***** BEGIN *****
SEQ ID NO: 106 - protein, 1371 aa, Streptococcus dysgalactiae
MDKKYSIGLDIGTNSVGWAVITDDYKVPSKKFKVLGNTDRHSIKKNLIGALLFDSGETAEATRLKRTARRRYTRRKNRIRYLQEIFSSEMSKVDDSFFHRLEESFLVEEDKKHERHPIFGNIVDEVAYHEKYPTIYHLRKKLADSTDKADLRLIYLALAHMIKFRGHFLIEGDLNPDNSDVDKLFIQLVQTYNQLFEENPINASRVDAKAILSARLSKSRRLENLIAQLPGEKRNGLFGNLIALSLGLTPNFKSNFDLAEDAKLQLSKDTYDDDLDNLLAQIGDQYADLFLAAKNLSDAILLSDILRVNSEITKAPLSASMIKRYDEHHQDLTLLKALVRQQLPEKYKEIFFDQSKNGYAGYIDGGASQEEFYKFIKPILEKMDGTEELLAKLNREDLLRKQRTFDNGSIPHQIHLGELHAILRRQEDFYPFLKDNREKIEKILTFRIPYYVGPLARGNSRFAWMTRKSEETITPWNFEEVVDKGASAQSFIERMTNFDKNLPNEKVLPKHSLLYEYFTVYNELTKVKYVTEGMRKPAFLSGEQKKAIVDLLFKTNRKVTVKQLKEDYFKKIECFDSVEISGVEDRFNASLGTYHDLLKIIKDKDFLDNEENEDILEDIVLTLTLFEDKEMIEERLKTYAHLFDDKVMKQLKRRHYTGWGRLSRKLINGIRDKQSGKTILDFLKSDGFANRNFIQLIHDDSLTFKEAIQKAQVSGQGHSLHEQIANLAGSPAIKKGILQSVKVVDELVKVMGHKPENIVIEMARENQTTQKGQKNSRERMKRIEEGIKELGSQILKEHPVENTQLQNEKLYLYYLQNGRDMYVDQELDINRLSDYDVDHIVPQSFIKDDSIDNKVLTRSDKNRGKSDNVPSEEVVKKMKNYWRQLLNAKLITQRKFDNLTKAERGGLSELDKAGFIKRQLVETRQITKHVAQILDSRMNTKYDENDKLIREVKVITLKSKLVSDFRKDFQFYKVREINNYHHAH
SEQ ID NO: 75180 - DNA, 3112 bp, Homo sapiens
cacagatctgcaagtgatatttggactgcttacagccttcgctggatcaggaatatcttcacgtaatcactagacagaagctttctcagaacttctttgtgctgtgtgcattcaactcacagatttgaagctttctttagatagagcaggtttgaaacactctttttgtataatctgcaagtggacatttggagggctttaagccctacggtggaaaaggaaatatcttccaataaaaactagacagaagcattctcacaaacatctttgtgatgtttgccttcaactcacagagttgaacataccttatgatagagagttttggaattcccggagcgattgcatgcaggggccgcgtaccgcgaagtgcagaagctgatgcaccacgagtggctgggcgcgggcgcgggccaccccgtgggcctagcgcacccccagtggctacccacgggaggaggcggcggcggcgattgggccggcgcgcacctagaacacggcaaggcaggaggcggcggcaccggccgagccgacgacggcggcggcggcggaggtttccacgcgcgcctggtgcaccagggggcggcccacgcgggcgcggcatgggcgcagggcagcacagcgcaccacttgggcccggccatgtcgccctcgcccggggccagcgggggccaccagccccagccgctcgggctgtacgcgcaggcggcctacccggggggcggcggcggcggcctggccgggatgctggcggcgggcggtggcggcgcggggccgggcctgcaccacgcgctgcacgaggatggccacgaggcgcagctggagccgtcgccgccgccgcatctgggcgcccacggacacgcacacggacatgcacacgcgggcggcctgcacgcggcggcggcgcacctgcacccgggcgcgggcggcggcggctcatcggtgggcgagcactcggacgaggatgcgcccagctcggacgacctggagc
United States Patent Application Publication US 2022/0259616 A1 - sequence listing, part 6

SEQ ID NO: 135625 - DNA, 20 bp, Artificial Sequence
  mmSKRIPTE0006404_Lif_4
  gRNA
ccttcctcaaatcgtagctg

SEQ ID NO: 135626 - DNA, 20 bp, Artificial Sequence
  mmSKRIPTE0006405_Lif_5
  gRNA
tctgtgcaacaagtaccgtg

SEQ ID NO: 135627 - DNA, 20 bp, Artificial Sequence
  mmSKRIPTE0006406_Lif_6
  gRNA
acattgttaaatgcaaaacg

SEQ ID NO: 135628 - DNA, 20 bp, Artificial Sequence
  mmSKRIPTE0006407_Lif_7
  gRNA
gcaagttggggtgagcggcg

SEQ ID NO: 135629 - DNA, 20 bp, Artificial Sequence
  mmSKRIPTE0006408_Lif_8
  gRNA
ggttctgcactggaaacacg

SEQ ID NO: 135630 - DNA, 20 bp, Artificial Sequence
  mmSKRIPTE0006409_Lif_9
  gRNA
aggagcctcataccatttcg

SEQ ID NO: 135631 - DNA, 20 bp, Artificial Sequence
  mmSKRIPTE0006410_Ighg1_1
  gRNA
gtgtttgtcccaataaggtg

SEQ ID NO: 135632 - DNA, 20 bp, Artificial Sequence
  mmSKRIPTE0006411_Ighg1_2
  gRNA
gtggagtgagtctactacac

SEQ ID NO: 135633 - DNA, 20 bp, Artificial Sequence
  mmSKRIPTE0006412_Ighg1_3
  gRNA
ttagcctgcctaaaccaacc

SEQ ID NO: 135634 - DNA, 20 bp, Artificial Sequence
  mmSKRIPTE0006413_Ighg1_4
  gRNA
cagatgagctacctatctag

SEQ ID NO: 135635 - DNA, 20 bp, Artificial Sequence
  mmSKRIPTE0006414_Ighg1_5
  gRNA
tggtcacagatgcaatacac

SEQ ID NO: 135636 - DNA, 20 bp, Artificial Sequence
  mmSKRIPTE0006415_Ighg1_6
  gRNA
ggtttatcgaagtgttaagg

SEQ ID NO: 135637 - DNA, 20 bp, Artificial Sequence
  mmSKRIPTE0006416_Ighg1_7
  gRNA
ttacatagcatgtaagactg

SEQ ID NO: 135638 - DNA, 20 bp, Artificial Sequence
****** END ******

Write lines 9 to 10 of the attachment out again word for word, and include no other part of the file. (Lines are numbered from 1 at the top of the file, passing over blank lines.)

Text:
ccttcctcaaatcgtagctg

SEQ ID NO: 135626 - DNA, 20 bp, Artificial Sequence